Who can't own a firearm? Arizona and federal law bar gun possession by the following classes of persons:
1. Anyone convicted of a felony (Federal law defines this as any offense punishable by more than a year's imprisonment, whether or not the sentence actually was more than a year, but not including "open ended" offenses that the court treated as a misdemeanor. "Open ended" ones are chiefly class 6 felonies, which the court can elect to treat as a misdemeanor if it wants to).
2. Anyone convicted of a domestic violence misdemeanor.
3. Anyone subject to a domestic violence restraining order [the automatic injunction issued at the start of any Arizona divorce proceeding doesn't count -- it has to be an order involving findings and an opportunity to request a hearing]. This can be dealt with by getting the order lifted -- consult your domestic attorney about this.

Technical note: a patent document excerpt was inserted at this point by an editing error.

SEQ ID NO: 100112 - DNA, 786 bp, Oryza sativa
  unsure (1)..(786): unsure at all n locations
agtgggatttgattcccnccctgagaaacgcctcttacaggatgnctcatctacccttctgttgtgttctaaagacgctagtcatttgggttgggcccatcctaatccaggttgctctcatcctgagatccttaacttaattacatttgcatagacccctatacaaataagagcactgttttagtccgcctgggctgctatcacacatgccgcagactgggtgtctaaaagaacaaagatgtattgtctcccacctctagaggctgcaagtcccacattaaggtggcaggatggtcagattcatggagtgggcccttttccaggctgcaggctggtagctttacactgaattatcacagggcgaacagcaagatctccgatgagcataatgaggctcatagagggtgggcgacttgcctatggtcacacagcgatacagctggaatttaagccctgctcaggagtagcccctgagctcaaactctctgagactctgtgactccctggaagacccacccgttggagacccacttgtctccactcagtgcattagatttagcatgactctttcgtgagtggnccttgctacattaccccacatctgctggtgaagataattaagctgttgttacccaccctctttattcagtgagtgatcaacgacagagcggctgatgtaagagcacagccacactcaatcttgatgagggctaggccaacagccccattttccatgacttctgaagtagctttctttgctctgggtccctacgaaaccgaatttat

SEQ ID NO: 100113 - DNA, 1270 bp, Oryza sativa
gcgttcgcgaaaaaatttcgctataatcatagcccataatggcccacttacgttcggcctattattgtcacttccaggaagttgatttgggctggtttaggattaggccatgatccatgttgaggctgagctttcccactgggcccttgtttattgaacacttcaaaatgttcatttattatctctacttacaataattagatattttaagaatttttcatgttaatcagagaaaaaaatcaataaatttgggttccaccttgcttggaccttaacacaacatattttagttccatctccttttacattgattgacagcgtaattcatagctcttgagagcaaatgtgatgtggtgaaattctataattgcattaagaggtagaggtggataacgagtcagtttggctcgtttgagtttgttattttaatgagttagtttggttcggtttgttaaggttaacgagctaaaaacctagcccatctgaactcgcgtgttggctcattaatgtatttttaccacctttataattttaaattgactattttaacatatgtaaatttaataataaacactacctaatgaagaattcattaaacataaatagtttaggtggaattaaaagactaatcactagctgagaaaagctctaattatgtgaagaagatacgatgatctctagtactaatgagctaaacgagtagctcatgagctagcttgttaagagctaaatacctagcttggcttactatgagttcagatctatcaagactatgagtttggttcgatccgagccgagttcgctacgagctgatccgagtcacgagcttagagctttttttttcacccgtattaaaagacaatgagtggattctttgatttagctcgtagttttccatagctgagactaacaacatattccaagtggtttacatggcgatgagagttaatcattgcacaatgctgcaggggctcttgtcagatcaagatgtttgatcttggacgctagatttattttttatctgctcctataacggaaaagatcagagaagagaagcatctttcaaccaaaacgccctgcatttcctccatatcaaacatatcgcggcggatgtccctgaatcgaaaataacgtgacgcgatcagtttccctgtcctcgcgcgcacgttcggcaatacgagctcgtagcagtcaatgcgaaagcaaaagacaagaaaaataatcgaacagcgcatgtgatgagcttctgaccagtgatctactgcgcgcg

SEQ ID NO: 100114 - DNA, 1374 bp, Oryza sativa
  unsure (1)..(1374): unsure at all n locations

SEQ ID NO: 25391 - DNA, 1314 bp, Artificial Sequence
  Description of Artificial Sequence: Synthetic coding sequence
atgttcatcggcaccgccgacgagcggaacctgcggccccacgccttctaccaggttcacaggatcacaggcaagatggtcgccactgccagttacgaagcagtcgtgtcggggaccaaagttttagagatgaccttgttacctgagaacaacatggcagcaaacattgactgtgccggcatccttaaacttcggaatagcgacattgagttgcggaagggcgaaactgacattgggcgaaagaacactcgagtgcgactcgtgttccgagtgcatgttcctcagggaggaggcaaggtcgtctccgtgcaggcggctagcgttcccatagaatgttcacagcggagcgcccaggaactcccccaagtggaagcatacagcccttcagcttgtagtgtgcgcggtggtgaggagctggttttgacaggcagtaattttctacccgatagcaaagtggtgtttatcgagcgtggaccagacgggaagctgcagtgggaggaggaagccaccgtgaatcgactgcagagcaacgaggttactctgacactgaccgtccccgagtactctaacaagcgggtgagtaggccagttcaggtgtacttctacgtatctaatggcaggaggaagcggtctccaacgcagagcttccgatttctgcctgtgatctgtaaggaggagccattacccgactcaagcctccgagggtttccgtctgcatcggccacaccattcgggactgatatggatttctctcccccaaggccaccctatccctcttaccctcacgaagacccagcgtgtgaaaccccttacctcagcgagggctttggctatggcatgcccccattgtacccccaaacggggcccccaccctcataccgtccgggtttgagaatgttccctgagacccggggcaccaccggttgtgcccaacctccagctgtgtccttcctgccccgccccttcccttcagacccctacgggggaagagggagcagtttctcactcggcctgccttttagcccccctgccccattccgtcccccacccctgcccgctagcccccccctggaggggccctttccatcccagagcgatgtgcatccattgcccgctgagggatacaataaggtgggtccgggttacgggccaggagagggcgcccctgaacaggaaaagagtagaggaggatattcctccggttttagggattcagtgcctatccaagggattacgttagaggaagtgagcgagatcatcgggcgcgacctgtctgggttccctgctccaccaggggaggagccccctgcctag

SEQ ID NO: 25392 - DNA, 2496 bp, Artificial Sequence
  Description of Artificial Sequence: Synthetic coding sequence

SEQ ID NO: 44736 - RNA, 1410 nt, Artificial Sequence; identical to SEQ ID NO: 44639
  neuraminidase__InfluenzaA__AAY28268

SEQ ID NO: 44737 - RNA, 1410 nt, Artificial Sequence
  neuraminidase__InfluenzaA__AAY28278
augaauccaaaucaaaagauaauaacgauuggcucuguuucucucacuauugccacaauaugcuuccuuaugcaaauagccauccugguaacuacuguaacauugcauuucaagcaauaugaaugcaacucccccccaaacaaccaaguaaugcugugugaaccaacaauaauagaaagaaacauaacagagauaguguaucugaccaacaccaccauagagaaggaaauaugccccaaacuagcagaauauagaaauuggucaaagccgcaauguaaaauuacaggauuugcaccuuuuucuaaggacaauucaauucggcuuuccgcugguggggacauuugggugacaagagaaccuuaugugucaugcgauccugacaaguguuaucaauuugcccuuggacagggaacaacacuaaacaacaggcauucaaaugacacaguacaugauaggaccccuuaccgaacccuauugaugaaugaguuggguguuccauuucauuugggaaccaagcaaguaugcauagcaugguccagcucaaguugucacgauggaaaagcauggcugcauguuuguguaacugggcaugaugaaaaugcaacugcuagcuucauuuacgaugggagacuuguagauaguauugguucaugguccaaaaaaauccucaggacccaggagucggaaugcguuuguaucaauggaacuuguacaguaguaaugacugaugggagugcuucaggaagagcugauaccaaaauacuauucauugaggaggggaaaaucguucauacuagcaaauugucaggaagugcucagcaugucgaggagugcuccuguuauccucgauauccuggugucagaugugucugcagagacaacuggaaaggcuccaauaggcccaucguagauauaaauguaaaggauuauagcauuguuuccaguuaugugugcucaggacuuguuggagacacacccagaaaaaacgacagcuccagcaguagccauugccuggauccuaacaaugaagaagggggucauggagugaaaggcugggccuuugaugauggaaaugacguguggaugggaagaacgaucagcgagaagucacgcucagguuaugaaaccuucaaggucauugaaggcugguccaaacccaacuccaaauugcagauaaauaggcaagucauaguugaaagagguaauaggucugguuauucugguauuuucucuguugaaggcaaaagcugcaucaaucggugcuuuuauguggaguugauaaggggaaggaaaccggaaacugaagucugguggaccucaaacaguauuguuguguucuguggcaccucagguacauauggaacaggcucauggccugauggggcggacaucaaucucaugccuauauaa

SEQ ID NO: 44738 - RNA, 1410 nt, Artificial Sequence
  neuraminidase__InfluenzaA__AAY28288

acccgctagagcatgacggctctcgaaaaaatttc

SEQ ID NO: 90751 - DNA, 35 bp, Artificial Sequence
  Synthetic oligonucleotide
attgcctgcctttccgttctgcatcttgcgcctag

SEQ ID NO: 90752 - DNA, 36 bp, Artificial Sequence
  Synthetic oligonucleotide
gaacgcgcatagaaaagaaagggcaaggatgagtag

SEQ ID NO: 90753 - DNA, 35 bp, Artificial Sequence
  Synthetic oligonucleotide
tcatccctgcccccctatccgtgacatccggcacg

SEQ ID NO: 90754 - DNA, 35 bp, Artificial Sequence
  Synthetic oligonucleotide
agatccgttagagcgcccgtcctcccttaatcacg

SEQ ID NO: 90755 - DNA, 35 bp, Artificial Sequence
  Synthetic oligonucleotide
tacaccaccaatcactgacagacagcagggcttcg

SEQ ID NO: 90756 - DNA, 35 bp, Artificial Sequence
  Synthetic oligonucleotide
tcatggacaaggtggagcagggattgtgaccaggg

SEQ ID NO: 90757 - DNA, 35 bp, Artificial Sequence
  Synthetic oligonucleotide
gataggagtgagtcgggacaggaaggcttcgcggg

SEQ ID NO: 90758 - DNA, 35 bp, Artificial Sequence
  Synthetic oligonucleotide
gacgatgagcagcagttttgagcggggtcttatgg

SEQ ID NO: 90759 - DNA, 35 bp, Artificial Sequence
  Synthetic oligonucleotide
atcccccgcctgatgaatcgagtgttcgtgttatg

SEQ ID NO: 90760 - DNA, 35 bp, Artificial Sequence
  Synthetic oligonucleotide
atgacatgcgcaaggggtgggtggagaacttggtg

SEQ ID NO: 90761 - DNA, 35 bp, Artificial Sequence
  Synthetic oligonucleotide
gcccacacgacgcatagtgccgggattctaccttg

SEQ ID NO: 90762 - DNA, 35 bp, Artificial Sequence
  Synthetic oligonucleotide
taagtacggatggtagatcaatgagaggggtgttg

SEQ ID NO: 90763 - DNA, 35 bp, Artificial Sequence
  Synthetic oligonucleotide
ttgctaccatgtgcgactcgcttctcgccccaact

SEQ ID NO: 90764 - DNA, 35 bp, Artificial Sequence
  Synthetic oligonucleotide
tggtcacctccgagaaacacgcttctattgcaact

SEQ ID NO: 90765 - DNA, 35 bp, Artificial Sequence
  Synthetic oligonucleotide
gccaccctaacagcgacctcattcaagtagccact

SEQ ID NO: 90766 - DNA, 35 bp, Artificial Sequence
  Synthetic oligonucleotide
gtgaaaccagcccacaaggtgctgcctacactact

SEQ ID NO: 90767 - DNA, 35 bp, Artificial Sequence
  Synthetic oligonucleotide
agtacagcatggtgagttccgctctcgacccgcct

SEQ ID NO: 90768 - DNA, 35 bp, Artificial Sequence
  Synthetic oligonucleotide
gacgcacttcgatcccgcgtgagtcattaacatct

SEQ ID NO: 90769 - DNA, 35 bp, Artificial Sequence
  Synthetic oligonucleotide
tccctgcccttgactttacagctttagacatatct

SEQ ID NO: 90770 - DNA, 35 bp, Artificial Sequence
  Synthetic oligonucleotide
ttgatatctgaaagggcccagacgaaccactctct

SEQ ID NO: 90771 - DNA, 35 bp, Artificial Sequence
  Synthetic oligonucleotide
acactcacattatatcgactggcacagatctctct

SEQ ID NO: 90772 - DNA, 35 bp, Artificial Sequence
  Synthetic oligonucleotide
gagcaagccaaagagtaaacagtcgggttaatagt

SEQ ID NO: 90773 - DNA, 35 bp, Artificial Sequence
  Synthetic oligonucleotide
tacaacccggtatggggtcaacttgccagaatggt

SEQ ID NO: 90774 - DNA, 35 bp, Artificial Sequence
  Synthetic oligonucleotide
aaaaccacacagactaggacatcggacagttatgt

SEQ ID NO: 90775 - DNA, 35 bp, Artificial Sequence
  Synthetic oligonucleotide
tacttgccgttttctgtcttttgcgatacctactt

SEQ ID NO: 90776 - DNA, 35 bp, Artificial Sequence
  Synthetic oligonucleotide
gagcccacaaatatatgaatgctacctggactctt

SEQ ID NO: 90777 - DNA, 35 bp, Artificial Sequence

4. (Arizona law only) Anyone adjudicated a delinquent (the statute is not entirely clear here. I'll be griping from time to time about that. The Legislature has been adding to the firearms laws, and a lot of the additions are poorly written, so sometimes you can only guess at their meaning).
5. (Arizona law only) Anyone on parole or probation (the law's wording is unclear as to whether it means probation for anything or only for felonies and DV, but I'm told the background clearance people interpet it to mean on probation for anything, including some misdemeanor moving violations).